Reference is again drawn to FIG. 6. If it is determined that application 202 and translator 208 can handle extended data types, and an extended directive is set by application 202, the process will proceed to a block 432. In block 432, translator 208 allocates a block of memory 212 for a specific data structure that contains fields associated with the type of request made by translator 202. By way of example, as shown in FIG. 3, if ExtendedDoclnfo. is requested, then a specific data structure 326 will be loaded into allocated memory 212.

Advantageously, loading only the needed specific data structure avoids having to load all of the specific data structures each time one is called. As described above, specific data structure 326 will preferably have version information 336 indicative of the number and types of fields contained within specific data structure 326. In this manner, future versions can be updated, and translator 208 will know the number and types of fields contained within each specific data structure.

The process will then proceed to a block 434 where the translator extracts the data requested from external file 210 in accordance with the version provided for the specific data structure loaded into allocated memory 212. Once the translator has extracted the data requested by application 202, the process will proceed to a block 436 where the translator fills-in selected fields in allocated memory 212 with the extracted data.

At this point, allocated memory 212 will contain the data extracted from external file 210. The process will then proceed to a block 438 where translator 208 fills-in the TYPE FIELD indicative of the type of data placed into allocated memory 212 and sets the POINTER FIELD in parameter block 206 to indicate the address location of the extracted data contained within allocated memory 212.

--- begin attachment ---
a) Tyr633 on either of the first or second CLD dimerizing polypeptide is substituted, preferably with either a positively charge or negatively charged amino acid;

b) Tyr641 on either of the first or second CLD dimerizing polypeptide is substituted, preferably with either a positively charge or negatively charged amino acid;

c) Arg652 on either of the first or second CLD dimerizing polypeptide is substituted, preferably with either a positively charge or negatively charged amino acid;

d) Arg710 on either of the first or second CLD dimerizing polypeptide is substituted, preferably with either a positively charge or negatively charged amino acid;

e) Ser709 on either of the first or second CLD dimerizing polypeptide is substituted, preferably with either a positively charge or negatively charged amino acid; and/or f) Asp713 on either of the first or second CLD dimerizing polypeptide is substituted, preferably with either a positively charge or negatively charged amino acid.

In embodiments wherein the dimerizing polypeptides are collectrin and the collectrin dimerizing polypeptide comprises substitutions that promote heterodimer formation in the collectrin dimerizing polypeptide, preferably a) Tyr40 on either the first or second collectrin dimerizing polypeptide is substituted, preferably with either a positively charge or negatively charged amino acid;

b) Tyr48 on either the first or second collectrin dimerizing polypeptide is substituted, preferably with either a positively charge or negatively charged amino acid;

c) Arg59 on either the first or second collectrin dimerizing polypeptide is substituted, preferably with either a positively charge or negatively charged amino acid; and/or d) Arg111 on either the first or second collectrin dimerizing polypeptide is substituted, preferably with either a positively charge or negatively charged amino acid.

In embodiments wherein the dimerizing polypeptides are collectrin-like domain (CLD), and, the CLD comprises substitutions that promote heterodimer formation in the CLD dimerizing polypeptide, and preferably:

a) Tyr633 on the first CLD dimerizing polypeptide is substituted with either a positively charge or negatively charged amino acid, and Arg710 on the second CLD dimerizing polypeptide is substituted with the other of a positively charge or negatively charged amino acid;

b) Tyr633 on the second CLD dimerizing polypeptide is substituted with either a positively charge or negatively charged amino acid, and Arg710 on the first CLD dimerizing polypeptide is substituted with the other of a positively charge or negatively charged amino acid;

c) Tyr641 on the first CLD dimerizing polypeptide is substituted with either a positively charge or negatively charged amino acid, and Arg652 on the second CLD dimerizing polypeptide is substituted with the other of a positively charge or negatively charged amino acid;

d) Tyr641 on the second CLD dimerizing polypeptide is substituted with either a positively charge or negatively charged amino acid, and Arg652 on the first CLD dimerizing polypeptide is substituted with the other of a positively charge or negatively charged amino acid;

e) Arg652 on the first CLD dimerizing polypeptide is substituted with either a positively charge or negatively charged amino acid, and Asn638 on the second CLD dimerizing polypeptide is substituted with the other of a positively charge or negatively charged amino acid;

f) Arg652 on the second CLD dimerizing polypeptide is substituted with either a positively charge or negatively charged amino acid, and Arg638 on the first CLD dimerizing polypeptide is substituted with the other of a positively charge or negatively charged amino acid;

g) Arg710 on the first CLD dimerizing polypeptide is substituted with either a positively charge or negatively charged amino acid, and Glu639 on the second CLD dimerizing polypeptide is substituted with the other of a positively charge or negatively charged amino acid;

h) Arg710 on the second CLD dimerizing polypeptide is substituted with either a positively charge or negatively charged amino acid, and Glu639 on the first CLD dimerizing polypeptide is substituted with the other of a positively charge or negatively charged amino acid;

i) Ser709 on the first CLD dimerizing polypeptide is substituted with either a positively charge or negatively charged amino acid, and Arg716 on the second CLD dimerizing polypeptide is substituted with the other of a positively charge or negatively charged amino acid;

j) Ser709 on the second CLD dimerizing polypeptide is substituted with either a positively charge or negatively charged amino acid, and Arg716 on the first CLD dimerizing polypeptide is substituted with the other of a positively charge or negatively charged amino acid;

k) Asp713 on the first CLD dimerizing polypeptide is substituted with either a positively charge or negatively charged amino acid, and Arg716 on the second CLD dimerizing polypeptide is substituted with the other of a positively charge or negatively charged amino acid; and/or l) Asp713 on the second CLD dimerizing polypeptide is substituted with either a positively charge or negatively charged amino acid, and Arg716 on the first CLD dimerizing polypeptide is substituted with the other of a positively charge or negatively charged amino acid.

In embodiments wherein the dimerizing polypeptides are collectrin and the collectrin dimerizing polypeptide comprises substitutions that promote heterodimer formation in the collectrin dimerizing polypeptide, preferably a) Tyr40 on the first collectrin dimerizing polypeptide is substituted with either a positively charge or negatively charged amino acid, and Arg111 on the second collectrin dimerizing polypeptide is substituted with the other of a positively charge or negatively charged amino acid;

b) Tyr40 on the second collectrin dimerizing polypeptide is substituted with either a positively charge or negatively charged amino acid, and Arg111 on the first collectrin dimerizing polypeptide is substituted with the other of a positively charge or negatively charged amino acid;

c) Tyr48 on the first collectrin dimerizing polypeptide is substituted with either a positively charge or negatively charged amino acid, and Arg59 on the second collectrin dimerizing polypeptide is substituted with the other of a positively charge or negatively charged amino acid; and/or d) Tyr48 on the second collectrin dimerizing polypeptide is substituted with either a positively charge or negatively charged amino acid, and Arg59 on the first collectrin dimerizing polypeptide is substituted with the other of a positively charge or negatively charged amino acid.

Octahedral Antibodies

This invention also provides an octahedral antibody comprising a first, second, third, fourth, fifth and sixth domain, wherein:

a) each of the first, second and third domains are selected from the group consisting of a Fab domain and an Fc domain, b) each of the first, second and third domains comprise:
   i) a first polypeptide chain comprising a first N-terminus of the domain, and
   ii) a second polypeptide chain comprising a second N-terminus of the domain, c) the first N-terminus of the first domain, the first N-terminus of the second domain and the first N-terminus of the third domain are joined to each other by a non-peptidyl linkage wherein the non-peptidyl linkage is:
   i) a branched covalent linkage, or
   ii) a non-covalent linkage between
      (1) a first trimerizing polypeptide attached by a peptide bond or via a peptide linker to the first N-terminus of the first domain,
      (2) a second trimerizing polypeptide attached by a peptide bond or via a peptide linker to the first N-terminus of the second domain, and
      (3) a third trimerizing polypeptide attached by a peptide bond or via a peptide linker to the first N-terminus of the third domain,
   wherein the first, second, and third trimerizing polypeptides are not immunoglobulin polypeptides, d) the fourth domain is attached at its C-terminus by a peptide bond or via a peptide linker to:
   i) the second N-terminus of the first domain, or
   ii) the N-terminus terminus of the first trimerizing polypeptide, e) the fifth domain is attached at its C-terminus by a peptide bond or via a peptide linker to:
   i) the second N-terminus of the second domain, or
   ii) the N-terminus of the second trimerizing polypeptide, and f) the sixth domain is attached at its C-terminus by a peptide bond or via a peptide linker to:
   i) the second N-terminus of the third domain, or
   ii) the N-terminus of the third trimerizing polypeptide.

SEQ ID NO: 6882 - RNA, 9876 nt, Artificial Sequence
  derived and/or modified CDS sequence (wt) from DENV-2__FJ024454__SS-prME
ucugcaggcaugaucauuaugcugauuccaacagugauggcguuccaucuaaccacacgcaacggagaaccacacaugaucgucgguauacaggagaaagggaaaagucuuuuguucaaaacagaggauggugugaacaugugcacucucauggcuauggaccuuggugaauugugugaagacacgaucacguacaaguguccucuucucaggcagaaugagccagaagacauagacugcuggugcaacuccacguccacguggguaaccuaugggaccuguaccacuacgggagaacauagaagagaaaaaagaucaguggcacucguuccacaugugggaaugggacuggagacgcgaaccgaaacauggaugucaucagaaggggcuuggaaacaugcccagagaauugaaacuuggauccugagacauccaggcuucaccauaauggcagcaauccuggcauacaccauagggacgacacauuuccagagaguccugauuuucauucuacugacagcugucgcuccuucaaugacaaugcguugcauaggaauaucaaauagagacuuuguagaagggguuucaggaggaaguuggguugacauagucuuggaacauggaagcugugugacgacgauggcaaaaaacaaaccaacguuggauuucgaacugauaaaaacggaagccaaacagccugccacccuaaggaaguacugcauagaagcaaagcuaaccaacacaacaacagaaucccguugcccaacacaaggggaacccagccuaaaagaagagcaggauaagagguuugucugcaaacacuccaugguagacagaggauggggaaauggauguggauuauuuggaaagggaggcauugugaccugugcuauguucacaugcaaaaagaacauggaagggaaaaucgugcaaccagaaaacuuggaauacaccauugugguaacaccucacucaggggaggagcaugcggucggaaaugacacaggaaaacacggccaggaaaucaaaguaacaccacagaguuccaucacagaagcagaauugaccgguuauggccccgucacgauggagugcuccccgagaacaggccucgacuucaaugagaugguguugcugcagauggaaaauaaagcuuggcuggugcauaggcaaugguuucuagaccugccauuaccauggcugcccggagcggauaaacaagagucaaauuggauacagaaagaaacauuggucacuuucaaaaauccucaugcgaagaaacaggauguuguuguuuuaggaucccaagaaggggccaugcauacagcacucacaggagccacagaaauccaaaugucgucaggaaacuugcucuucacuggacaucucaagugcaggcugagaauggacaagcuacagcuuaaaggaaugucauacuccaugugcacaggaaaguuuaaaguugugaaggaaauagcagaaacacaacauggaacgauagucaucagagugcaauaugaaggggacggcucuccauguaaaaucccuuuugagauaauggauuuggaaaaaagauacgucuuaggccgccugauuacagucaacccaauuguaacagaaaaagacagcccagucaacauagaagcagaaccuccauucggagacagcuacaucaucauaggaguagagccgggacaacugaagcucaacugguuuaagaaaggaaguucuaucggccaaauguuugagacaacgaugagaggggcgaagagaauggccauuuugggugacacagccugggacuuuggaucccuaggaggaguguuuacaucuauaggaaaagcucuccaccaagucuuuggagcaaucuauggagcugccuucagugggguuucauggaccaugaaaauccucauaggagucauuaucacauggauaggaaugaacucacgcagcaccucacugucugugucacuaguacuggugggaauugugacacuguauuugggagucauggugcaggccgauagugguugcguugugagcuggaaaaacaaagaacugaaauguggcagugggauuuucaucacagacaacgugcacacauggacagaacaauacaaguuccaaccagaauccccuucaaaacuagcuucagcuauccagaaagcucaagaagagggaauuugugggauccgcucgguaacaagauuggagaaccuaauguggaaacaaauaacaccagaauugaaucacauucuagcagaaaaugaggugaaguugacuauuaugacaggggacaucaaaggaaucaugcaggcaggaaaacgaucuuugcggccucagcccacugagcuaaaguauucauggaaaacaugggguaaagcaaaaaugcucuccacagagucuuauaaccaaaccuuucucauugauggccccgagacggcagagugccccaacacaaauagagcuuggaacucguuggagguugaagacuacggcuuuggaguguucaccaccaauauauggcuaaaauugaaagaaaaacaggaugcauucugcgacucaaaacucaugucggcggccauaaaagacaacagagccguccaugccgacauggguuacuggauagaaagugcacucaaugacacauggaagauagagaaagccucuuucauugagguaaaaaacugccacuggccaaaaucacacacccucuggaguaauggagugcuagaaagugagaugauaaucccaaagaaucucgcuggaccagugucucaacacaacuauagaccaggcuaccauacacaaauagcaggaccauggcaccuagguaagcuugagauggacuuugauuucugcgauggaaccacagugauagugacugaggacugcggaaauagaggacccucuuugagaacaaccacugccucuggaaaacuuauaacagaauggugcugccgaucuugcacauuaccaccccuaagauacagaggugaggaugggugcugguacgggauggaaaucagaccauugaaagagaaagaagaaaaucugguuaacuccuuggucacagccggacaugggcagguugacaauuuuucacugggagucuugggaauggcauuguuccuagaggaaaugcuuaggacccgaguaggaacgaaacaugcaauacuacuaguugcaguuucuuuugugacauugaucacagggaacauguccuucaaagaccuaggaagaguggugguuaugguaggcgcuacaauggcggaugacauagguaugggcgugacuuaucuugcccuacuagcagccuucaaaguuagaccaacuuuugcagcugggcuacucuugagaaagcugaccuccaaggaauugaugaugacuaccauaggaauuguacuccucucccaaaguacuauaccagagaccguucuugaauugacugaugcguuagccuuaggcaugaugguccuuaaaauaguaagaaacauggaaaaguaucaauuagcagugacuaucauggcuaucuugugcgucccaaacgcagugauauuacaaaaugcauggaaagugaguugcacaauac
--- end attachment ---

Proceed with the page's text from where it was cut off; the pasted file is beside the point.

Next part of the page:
The process will then proceed to a block 440 where translator 208 sets the directive field to ImportAcknowledge which indicates that the data transfer requested by application 202 has been completed successfully. Of course if the data transfer is not successful, an error message will be set.

If it is determined in decision block 430 that the directive is not an extended directive, then the process will proceed to a block 442 where translator 208 will extract the external file data requested by the application in accordance with non-extended fields. For more information on the process associated with extracting data in accordance with non-extended fields, reference may be made to Appendix A which details the operations associated with importing and exporting non-extended data. Appendix A is a publicly available document that can be obtained from Apple Programmers' and Developers' Association (APDA), Apple Computer, Inc. of Cupertino, Calif.

Once the translator has extracted the external file data in block 442, the process proceeds to a block 444 where the translator fills-in the parameter block 206 fields with the extracted data. The process will then proceed to a block 440 where the translator changes the directive field to ImportAcknowledge indicating that the translator has provided the information requested by application 202. At this point, the process proceeds back to block 424 of FIG. 5A.